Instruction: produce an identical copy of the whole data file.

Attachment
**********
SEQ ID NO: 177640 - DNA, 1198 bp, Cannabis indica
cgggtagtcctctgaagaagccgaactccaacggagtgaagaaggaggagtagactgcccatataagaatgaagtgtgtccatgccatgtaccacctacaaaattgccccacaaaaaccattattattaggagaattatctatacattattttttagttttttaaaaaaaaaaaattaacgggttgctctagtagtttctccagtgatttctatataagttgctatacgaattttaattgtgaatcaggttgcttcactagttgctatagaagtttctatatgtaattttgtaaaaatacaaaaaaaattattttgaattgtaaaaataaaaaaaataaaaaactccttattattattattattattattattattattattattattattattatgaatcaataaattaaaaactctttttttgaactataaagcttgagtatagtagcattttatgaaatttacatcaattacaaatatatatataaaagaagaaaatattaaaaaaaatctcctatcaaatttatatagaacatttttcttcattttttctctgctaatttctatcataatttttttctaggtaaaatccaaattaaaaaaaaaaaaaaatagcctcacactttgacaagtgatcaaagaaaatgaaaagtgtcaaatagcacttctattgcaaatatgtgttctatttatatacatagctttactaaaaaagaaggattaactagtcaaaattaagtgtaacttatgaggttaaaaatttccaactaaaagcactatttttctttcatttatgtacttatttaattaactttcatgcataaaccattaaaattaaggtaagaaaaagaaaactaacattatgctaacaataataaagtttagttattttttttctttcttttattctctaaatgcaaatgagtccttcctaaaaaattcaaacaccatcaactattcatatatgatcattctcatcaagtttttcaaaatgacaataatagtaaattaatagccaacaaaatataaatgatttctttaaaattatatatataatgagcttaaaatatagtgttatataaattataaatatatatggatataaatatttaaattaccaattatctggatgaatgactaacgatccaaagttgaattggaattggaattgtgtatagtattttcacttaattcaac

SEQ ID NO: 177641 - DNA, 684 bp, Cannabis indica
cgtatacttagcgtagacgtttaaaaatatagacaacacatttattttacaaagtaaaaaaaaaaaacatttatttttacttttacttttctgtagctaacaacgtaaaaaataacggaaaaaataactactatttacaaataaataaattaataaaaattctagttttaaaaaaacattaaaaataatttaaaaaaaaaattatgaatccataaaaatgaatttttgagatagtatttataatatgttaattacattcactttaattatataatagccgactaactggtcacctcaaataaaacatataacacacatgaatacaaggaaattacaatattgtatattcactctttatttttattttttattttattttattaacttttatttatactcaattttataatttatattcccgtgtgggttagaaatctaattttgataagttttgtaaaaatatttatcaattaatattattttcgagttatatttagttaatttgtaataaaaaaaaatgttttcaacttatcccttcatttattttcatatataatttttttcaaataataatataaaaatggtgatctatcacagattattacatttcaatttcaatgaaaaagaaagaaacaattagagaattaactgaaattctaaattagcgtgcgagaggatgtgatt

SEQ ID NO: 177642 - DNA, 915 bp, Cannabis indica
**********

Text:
SEQ ID NO: 177640 - DNA, 1198 bp, Cannabis indica
cgggtagtcctctgaagaagccgaactccaacggagtgaagaaggaggagtagactgcccatataagaatgaagtgtgtccatgccatgtaccacctacaaaattgccccacaaaaaccattattattaggagaattatctatacattattttttagttttttaaaaaaaaaaaattaacgggttgctctagtagtttctccagtgatttctatataagttgctatacgaattttaattgtgaatcaggttgcttcactagttgctatagaagtttctatatgtaattttgtaaaaatacaaaaaaaattattttgaattgtaaaaataaaaaaaataaaaaactccttattattattattattattattattattattattattattattattatgaatcaataaattaaaaactctttttttgaactataaagcttgagtatagtagcattttatgaaatttacatcaattacaaatatatatataaaagaagaaaatattaaaaaaaatctcctatcaaatttatatagaacatttttcttcattttttctctgctaatttctatcataatttttttctaggtaaaatccaaattaaaaaaaaaaaaaaatagcctcacactttgacaagtgatcaaagaaaatgaaaagtgtcaaatagcacttctattgcaaatatgtgttctatttatatacatagctttactaaaaaagaaggattaactagtcaaaattaagtgtaacttatgaggttaaaaatttccaactaaaagcactatttttctttcatttatgtacttatttaattaactttcatgcataaaccattaaaattaaggtaagaaaaagaaaactaacattatgctaacaataataaagtttagttattttttttctttcttttattctctaaatgcaaatgagtccttcctaaaaaattcaaacaccatcaactattcatatatgatcattctcatcaagtttttcaaaatgacaataatagtaaattaatagccaacaaaatataaatgatttctttaaaattatatatataatgagcttaaaatatagtgttatataaattataaatatatatggatataaatatttaaattaccaattatctggatgaatgactaacgatccaaagttgaattggaattggaattgtgtatagtattttcacttaattcaac

SEQ ID NO: 177641 - DNA, 684 bp, Cannabis indica
cgtatacttagcgtagacgtttaaaaatatagacaacacatttattttacaaagtaaaaaaaaaaaacatttatttttacttttacttttctgtagctaacaacgtaaaaaataacggaaaaaataactactatttacaaataaataaattaataaaaattctagttttaaaaaaacattaaaaataatttaaaaaaaaaattatgaatccataaaaatgaatttttgagatagtatttataatatgttaattacattcactttaattatataatagccgactaactggtcacctcaaataaaacatataacacacatgaatacaaggaaattacaatattgtatattcactctttatttttattttttattttattttattaacttttatttatactcaattttataatttatattcccgtgtgggttagaaatctaattttgataagttttgtaaaaatatttatcaattaatattattttcgagttatatttagttaatttgtaataaaaaaaaatgttttcaacttatcccttcatttattttcatatataatttttttcaaataataatataaaaatggtgatctatcacagattattacatttcaatttcaatgaaaaagaaagaaacaattagagaattaactgaaattctaaattagcgtgcgagaggatgtgatt

SEQ ID NO: 177642 - DNA, 915 bp, Cannabis indica